What an excellent devotional. You have done a great job.


    Julia Leatherman March 17, 2009 |
  3. that is very well said!

    Ann March 17, 2009 |
  4. This is a very good thought for today. The comparison of the bronze snake on the staff to Christ on the cross is one I have never thought of. Praying to Christ to rid ourselves of the “poisonous venom” that afflicts us in our daily lives is a wonderful analogy.

    Mark R March 17, 2009 |
  5. Today’s reflection, and yesterday’s too, are helpful in letting me see the larger context in which we live our faith. Thanks so much to the writers who at Advent and Lent are part of my weekly sermon preparation.

    Phyllis Kramer March 17, 2009 |
  6. This really is thought provoking. Oh to be young again and to be able to think clearer and put it on paper! God’s blessing on your future.

    Julie Poteet March 17, 2009 |
  7. Thanks for the thoughtful reflection.
    Blessings to you!

    Rod Derstine March 17, 2009 |
  8. Thank you for an insightful meditation. I will carry it with me this week as I prepare a sermon for my community.
    Many blessings to you, Greg.

    The Rev. Ann Whitaker March 17, 2009 |
  9. thank you! I am not sure we are always aware of the poison in our heads or hearts. I am sure that the irrational faith that looking can result in living is most relevant in our hyper rationalized culture.

    Stu Buisch March 17, 2009 |
  10. The last word in the passage is live. They would look upon the serpent and live, not die. But it also isn’t, “be perfected” or “not have issues” or “not have pains” or “not have real life intrude upon their plans.” The word is that we will live, not die, but that the life we are given, while given by God, is still very much connected with this earthly life, a life which leads to Calvary Hill and Jesus.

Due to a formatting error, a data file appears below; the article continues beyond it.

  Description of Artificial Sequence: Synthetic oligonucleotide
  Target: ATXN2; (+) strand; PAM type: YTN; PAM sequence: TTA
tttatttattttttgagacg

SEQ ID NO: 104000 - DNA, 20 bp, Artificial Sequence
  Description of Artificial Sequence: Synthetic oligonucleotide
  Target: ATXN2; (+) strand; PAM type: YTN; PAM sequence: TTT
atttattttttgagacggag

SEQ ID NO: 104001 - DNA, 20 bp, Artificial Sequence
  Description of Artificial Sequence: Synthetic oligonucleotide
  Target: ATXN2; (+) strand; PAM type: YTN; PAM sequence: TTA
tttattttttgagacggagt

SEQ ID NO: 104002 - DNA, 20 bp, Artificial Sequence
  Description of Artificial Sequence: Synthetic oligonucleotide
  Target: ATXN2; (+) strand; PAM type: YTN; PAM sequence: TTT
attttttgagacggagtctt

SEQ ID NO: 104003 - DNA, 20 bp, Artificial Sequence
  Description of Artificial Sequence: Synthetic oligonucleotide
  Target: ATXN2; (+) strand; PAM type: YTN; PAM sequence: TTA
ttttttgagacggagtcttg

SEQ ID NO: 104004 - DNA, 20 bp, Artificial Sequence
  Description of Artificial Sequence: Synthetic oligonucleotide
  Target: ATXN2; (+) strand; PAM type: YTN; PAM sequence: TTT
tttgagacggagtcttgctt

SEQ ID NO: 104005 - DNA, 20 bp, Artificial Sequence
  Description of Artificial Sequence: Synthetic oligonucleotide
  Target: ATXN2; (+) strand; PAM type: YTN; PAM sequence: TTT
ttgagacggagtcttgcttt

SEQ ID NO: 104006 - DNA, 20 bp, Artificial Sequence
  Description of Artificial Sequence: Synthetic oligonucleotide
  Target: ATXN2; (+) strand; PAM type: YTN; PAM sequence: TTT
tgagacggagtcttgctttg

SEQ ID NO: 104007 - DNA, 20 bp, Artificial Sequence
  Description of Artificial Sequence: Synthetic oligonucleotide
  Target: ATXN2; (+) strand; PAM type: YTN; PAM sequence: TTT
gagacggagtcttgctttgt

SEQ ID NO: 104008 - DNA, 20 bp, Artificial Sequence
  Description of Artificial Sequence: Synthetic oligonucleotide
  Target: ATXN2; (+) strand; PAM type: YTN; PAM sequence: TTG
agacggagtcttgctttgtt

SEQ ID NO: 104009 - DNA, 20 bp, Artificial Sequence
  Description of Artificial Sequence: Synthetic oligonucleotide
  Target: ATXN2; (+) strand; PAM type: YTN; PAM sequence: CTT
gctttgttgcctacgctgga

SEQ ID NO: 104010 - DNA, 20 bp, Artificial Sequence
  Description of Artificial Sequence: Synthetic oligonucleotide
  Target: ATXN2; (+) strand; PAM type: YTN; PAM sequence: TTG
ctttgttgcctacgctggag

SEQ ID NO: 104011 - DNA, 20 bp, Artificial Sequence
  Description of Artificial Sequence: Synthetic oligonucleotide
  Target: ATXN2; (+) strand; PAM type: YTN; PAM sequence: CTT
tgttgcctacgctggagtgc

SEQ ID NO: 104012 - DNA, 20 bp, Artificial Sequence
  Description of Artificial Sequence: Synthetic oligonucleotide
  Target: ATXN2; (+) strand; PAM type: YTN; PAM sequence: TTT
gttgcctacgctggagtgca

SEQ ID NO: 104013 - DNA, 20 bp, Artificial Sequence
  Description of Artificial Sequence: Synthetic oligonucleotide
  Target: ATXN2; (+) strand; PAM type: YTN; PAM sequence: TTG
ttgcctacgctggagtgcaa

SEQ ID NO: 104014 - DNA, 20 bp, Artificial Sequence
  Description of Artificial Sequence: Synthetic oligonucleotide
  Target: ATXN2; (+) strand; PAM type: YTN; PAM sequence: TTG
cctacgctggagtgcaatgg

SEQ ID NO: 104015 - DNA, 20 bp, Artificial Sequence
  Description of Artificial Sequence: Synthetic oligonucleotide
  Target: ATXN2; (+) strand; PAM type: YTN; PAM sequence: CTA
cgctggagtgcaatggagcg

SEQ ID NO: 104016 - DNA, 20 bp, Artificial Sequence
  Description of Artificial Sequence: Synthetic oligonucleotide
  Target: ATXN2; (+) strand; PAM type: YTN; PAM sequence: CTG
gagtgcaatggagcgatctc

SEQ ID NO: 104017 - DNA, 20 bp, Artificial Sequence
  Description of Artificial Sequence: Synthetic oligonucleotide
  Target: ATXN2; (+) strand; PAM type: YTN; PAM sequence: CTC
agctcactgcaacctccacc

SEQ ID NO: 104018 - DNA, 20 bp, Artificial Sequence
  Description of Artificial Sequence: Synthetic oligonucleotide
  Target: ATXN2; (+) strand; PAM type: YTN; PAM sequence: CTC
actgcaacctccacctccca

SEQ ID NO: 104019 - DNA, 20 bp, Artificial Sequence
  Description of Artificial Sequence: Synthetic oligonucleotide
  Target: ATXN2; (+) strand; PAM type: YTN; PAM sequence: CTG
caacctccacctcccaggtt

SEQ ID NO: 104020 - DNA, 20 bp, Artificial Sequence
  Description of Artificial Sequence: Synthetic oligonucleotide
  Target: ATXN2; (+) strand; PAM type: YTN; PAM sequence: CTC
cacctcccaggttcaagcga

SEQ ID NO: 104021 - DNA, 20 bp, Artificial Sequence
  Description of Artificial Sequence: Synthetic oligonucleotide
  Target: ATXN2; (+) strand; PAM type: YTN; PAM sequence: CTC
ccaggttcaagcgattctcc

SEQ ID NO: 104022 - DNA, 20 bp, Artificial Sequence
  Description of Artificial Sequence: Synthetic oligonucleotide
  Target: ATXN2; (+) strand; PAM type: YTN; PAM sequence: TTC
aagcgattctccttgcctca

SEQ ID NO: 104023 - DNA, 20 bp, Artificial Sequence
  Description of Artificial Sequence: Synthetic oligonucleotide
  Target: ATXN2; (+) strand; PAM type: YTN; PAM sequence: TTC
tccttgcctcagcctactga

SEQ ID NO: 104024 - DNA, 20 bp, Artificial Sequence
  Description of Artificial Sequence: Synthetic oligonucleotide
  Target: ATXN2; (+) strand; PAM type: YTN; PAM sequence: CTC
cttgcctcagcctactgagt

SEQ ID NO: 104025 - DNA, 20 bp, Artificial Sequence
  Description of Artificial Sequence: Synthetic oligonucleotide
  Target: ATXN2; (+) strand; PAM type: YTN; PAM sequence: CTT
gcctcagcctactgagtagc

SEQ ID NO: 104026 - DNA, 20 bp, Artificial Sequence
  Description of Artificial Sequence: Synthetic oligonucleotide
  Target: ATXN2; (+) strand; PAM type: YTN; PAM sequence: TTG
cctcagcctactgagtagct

Janee March 17, 2009 |
  11. Greg, what a prayerful meditation. You brought up thoughts that are new to me and I thank you for that.

    Nancy March 17, 2009 |
  12. G, a timely reminder to be in tune with the presence of God as we grow impatiently impatient for graduation! -sheldon

    Sheldon C. Good March 17, 2009 |
  13. Greg: I appreciated the insights that you shared and the powerful analogy of God’s precious provision for us and all hurting and, at times, willful people. Truly, God does want us to experience Grace and abundant life.

    Irene Bechler March 17, 2009 |
  14. Thank you for some “saving Grace” in preparing for Lent IV B’s sermon…expansive thought and deeper spirituality.

    God bless you…

    Helen M. Moore+

    Helen M. Moore March 17, 2009 |
  15. Wow! God spoke to me through you today. Thank you!

    Howie March 18, 2009 |
  16. Dear Greg. Your comments hit me right where I am. I am continually on the go trying to multi-tasked all my obligations into 24 hours. Your reflection made me stop and think about what is really important. Impatience is keeping me from developing a stronger relationship with God. Thank you so much.

    Cynthia Torres-Nusse March 18, 2009 |
  17. Elvis, good stuff. Follow on…

    Tuna March 28, 2009 |